So what’s so great about cocaine anyway? One of the main attractions is that it is considered an acceptable middle-class drug. It is consumed quickly and easily, often in a social setting. It doesn’t appear initially to have many side-effects that others can observe.
It is easily available and people talk about how it helped with their social insecurity, gives them a confidence boost, a buzz and helps with energy levels. One blogger told Gawker, “It’s that feeling like you’re in something someone is going to make a coffee table book about.” Another said the “inflated sense of importance” was part of the allure.
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But this is a highly addictive drug that can spiral from an infrequent social bump to a dependency or overdose surprisingly quickly. Cocaine can cause elevated blood pressure, stroke, heart attack – particularly in those with a pre-disposition. If you combine it with alcohol, as many do, it increases its toxicity in the liver.
But it seems that these dangerous effects are dwarfed by the drug’s often glorified image. Dr Herbert Kleber is the director of the division of substance abuse at the NYSI. He believes that the absence of cautionary tales has led to the assumption that coke isn’t as harmful as something like heroin or meth.
“There seems to be less of a stigma about cocaine. People don’t feel nearly as much the need to hide it. They feel that they can use it in a more open fashion. If you’re a 19-year-old and you go out and party and you’re offered meth, you say no because you’ve heard these bad things. But if you’re offered coke, you say yes because you assume it’s safe.”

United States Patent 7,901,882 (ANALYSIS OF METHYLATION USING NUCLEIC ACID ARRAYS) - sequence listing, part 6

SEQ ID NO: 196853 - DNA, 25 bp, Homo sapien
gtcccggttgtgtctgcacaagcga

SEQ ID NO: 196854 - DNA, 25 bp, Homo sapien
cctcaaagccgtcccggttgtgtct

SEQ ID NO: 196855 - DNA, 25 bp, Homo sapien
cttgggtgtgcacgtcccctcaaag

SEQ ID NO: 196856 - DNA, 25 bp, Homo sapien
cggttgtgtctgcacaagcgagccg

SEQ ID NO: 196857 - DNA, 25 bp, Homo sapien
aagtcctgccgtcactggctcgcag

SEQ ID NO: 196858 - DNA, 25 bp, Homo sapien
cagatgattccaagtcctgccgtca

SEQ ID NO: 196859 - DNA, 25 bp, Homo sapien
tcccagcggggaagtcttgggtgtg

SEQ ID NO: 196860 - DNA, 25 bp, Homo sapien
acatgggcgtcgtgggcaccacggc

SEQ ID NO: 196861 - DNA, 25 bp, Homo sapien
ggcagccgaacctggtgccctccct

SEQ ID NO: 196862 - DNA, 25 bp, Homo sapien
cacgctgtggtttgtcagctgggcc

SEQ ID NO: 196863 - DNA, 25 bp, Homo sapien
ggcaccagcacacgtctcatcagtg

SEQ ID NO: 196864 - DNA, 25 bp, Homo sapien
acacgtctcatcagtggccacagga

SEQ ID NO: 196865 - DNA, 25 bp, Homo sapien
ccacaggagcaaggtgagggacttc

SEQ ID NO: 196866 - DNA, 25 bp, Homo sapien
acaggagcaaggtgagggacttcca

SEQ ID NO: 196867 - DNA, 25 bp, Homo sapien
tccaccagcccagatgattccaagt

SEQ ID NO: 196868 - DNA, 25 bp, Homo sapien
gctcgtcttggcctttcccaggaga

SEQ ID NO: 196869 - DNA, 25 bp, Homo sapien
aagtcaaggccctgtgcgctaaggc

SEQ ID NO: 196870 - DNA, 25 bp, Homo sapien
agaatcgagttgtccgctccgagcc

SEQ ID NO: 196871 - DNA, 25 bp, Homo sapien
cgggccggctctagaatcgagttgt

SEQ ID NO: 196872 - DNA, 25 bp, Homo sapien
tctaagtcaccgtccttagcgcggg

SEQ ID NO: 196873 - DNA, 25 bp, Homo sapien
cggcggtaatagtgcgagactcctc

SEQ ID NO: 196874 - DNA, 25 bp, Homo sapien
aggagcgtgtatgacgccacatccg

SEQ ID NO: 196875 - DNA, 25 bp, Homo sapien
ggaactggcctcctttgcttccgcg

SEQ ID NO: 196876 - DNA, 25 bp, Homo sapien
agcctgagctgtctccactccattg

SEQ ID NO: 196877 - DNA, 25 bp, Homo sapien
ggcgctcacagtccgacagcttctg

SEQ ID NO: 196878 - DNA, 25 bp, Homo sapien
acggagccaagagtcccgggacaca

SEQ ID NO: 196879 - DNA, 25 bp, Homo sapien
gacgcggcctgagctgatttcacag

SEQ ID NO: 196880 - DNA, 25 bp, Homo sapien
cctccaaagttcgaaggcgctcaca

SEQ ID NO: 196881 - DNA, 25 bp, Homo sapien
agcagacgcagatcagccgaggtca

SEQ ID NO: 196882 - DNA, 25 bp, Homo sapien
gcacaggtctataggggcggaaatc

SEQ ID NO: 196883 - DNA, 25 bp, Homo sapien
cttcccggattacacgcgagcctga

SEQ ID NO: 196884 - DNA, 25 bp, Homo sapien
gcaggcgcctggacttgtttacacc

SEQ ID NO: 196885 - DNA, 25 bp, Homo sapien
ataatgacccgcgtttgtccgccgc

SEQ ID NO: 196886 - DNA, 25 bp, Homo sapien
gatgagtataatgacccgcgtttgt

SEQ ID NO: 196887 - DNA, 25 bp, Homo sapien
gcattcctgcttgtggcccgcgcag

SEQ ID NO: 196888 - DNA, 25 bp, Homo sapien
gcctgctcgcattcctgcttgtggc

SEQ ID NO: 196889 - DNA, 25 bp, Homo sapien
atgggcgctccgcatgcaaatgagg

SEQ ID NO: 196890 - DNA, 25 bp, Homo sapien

Perception of glamour
“A quarter of heart attacks in those aged under 45 are prompted by cocaine”
The glorification of drug use is all around us, in music (The Weeknd, Abel Tesfaye’s nods to narcotic use include ‘I can’t feel my face’) in movies (Blow, Scarface, Miami Vice) and across the showbiz world. Those who have gone public about their cocaine usage include supermodels and film, rock and TV stars such as Lady Gaga, Elton John, David Bowie and Naomi Campbell (who said it made her feel ‘invincible’).
But what you don’t hear about so often is the struggle of addiction, the lows, the destruction of families and the wider, harrowing implications of doing a bit of “sneachta bán”.
Few would also be aware that a quarter of heart attacks in those aged under 45 are prompted by cocaine, or that regular use of the drug makes them seven times more likely to have a heart attack in later life. The glamour is further dulled when it is pointed out that coke taken by the average user in Ireland is likely to be 90% cocaine-free (despite what you are told).
As the convenience of drugs such as cocaine and synthetic drugs seep further into our lives, it is worth remembering the very real connection this drug has to gangland shootings, drug smuggling and heartbroken families. It is an uncomfortable truth that is conveniently forgotten as one does a quick bump on a night out in the toilets.